Liberal caution is doing Muslims a disservice, because every incident reinforces perceptions of their creed as inherently dangerous. Let us not lazily assume that Muslims will oppose interventions to keep our country safe. We must start listening to moderate, mainstream voices in the large and heterogenous fellowship of Mohammed. On the same page as Leith, Maajid Nawaz, founder of Quilliam, issued much-needed clarification: –

Any politician who is unable to name the threat facing us does not deserve to be taken seriously. Islamism is the political ideology that seeks to impose Islam over society. Jihadism is its violent offshoot.

Isolate the extremists, Nawaz urges. They are not ‘despicable clowns’ as Leith thinks, but determined followers of a fundamentalist interpretation of Islam. Brainwashed perhaps, but don’t deny their agency.

Internment would be a small part of the fight against militant Islamists. Those who think that nobody can be detained without charge are mistaken. In my field, persons deemed dangerous to self or others can be ‘sectioned’ and placed in a secure unit until their condition improves. The Mental Health Act is applied through assessment and management of risk. Libertarians want detention abolished, but they are a tiny minority against the thousands of patients, nurses and doctors who know the daily realities of acute psychiatry. Why shouldn’t the cold-blooded jihadist be subjected to the controls imposed on a psychotically disturbed patient? (note liberal writers’ frequent references to the madness of terrorists). Opponents of internment are taking chances with other peoples’ lives.

There should also be the beginnings of an embarrassing conversation on holy scripture, and the concept of jihad. Unlike the Bible, the Koran is a book of instruction, and while most of the eloquent prose shows the path to virtue, there are also violent commands to slay the unbelievers and behead those who insult Allah or his messenger. These lines cannot be deleted, but I hope that British imams, scholars and ordinary Muslims will be at the reformatory vanguard, rejecting literal reading of deadly verse as incompatible with modern, civilised society.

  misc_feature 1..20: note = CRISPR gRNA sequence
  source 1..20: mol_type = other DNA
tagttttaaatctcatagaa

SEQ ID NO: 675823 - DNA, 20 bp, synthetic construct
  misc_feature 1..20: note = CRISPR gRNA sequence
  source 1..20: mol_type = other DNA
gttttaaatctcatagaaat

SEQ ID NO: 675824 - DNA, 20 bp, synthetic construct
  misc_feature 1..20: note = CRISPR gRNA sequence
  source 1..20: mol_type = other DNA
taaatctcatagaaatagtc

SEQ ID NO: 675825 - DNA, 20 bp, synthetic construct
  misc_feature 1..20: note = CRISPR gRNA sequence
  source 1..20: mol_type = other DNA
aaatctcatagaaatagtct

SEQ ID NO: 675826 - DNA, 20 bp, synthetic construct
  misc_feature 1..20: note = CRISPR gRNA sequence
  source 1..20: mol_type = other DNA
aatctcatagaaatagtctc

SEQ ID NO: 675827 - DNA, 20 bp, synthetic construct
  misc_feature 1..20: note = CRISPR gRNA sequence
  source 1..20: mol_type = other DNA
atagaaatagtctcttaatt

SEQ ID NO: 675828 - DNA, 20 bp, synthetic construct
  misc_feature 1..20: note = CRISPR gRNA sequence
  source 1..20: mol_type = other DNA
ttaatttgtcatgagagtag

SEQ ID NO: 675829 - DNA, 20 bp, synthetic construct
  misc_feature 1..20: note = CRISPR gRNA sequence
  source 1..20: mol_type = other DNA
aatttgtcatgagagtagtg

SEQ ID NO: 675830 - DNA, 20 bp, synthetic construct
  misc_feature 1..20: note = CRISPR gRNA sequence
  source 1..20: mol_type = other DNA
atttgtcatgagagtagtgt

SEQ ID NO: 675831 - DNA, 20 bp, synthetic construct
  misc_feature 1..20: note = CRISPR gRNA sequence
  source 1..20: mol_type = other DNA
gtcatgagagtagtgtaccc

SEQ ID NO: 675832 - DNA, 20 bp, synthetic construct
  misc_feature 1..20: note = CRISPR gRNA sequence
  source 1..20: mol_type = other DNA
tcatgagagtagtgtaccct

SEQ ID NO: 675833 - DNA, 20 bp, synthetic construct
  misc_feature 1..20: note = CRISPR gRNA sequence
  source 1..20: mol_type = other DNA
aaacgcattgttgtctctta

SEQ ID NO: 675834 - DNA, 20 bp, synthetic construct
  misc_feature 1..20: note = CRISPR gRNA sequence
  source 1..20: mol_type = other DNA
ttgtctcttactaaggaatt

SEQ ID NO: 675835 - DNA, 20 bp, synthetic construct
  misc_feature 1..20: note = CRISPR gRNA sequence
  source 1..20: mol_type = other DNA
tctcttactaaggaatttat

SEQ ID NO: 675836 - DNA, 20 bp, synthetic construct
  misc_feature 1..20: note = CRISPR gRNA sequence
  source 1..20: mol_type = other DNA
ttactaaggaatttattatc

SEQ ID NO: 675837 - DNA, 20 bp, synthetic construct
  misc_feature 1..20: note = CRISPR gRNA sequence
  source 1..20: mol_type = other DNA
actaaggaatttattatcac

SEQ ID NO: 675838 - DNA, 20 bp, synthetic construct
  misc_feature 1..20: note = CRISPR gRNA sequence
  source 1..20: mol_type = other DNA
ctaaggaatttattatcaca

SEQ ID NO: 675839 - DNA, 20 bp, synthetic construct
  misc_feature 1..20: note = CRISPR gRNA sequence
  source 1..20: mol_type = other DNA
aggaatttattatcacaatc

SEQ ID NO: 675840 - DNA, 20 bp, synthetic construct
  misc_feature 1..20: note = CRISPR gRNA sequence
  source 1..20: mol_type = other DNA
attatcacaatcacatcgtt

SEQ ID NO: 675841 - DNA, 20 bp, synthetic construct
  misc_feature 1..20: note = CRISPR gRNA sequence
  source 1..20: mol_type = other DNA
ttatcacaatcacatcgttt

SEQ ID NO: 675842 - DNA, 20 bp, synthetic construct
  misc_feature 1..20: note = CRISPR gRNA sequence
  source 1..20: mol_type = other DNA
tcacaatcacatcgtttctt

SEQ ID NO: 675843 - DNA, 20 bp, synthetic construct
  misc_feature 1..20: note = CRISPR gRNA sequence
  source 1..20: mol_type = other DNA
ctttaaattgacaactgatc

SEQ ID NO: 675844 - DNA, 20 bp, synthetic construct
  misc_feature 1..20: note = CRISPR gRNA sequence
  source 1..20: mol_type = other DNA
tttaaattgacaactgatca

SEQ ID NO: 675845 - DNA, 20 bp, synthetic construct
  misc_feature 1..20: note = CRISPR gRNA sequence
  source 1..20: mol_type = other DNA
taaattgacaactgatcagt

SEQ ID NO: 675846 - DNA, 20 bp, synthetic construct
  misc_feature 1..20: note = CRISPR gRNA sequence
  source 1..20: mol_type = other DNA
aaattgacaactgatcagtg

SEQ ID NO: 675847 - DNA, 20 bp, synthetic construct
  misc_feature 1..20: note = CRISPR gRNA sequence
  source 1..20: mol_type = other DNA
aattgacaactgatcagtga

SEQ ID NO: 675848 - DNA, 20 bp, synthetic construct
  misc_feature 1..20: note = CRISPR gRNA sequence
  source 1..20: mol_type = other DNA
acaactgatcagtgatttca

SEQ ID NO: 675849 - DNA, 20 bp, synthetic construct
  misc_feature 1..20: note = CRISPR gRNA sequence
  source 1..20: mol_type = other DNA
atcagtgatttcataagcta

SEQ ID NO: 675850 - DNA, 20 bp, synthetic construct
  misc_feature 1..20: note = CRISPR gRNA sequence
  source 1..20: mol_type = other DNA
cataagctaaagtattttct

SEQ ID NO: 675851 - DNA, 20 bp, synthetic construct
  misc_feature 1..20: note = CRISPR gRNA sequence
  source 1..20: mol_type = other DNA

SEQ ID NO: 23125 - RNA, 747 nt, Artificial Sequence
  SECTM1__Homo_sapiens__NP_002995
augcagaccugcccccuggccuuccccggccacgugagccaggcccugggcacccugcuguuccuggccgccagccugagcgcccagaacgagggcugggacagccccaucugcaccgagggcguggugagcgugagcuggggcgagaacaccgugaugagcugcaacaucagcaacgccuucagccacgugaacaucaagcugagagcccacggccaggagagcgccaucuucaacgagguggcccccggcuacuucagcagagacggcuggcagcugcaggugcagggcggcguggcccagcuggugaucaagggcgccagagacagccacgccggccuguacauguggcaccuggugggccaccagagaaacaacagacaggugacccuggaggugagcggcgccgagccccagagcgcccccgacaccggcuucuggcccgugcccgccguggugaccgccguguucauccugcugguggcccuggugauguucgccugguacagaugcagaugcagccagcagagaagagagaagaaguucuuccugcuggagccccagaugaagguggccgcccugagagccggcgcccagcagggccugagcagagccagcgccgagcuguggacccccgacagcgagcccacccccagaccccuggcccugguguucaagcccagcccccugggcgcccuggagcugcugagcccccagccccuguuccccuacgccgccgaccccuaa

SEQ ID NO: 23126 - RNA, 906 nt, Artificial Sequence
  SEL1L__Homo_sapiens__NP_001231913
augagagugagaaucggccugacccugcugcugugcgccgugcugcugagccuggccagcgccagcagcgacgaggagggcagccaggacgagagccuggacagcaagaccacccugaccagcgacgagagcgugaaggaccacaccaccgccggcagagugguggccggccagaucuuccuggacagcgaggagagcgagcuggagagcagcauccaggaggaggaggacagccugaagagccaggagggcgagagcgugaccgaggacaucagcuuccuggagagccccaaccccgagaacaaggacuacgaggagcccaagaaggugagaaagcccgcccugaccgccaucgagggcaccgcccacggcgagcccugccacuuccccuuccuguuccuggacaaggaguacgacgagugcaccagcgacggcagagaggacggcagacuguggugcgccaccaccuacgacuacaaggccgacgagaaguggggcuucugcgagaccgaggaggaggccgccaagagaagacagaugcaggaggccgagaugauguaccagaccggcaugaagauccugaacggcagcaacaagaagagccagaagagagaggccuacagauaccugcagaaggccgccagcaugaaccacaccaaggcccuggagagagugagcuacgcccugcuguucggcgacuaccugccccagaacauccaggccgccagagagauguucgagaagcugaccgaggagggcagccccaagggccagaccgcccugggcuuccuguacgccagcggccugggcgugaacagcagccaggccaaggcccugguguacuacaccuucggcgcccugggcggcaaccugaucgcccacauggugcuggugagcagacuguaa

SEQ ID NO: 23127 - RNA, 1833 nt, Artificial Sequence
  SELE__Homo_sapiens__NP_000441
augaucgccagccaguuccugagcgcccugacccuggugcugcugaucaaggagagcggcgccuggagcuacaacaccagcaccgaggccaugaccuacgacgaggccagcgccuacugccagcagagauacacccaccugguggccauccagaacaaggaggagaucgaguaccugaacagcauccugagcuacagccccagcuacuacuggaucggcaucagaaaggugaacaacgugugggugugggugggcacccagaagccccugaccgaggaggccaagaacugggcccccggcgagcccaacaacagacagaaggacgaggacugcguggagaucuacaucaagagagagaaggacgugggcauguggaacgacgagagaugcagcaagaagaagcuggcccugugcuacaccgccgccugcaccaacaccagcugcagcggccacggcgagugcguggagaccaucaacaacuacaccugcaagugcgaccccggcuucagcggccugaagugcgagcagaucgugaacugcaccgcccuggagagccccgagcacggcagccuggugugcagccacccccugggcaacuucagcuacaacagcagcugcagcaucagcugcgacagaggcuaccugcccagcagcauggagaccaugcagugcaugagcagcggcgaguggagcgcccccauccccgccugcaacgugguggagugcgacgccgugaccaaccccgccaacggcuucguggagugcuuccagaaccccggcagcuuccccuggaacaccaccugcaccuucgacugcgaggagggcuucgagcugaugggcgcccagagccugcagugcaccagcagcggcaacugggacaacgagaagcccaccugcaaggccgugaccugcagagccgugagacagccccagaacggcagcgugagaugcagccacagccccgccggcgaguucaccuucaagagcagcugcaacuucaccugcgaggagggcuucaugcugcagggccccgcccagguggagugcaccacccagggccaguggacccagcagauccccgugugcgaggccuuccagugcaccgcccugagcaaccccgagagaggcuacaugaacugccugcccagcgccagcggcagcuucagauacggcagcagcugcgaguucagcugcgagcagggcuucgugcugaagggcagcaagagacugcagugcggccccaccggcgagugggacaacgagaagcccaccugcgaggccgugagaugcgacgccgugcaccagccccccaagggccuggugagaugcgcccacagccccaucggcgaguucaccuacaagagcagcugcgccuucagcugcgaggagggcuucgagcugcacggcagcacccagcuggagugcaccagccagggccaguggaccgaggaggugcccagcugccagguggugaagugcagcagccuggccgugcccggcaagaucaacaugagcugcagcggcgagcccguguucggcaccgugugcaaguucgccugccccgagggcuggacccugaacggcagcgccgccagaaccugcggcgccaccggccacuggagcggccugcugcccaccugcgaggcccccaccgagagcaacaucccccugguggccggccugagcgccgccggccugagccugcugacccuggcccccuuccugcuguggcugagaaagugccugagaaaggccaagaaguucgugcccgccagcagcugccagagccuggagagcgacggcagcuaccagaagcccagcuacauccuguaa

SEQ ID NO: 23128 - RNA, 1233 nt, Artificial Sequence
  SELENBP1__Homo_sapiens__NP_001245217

De-radicalisation is a crucial component of the anti-terror strategy, and the Prevent scheme needs more investment. Nazir Afzal, the most prominent Muslim lawyer in Britain, argues that Islamist groups are thwarting Prevent, aided by liberal handwringing. Criticism is always permitted in a free society, but anyone deliberately obstructing this obviously necessary work should be confronted. Some call for renaming of Prevent due to stigma, and the same might be said for internment. But we should not be submerged in semantics and linguistic sensitivities.

As I write, there are thousands more monsters in our midst, waiting for their date with the devil. They don’t deserve your sympathy. As the Evening Standard editorial asserted: ‘they chose their path, we must choose ours’. We social conservatives must never feel bad about trying to protect our country and its citizens. Let the doubt and guilt fall on those who do nothing.

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Niall McCraehttps://www.conservativewoman.co.uk
Dr Niall McCrae is a lecturer in mental health.